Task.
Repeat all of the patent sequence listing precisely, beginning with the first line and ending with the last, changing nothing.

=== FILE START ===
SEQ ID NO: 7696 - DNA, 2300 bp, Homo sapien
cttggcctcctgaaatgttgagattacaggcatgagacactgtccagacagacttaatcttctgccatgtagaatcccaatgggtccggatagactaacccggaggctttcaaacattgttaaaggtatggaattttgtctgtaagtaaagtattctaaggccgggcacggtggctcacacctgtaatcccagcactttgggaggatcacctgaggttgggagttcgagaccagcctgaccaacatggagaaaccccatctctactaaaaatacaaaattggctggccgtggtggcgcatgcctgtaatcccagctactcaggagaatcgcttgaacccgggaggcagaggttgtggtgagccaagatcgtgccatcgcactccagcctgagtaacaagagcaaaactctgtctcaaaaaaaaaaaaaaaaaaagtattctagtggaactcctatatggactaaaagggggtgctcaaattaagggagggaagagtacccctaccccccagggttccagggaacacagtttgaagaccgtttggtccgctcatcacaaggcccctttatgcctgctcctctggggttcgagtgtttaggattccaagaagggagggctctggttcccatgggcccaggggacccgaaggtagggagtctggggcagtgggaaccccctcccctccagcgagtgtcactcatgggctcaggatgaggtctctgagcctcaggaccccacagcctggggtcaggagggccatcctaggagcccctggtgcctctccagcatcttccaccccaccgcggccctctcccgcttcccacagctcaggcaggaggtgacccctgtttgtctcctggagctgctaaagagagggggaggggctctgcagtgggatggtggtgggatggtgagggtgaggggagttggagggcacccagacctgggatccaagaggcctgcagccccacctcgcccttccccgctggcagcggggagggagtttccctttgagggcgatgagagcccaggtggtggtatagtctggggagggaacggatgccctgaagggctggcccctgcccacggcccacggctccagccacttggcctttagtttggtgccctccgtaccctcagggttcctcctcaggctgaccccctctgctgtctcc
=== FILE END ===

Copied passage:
SEQ ID NO: 7696 - DNA, 2300 bp, Homo sapien
cttggcctcctgaaatgttgagattacaggcatgagacactgtccagacagacttaatcttctgccatgtagaatcccaatgggtccggatagactaacccggaggctttcaaacattgttaaaggtatggaattttgtctgtaagtaaagtattctaaggccgggcacggtggctcacacctgtaatcccagcactttgggaggatcacctgaggttgggagttcgagaccagcctgaccaacatggagaaaccccatctctactaaaaatacaaaattggctggccgtggtggcgcatgcctgtaatcccagctactcaggagaatcgcttgaacccgggaggcagaggttgtggtgagccaagatcgtgccatcgcactccagcctgagtaacaagagcaaaactctgtctcaaaaaaaaaaaaaaaaaaagtattctagtggaactcctatatggactaaaagggggtgctcaaattaagggagggaagagtacccctaccccccagggttccagggaacacagtttgaagaccgtttggtccgctcatcacaaggcccctttatgcctgctcctctggggttcgagtgtttaggattccaagaagggagggctctggttcccatgggcccaggggacccgaaggtagggagtctggggcagtgggaaccccctcccctccagcgagtgtcactcatgggctcaggatgaggtctctgagcctcaggaccccacagcctggggtcaggagggccatcctaggagcccctggtgcctctccagcatcttccaccccaccgcggccctctcccgcttcccacagctcaggcaggaggtgacccctgtttgtctcctggagctgctaaagagagggggaggggctctgcagtgggatggtggtgggatggtgagggtgaggggagttggagggcacccagacctgggatccaagaggcctgcagccccacctcgcccttccccgctggcagcggggagggagtttccctttgagggcgatgagagcccaggtggtggtatagtctggggagggaacggatgccctgaagggctggcccctgcccacggcccacggctccagccacttggcctttagtttggtgccctccgtaccctcagggttcctcctcaggctgaccccctctgctgtctcc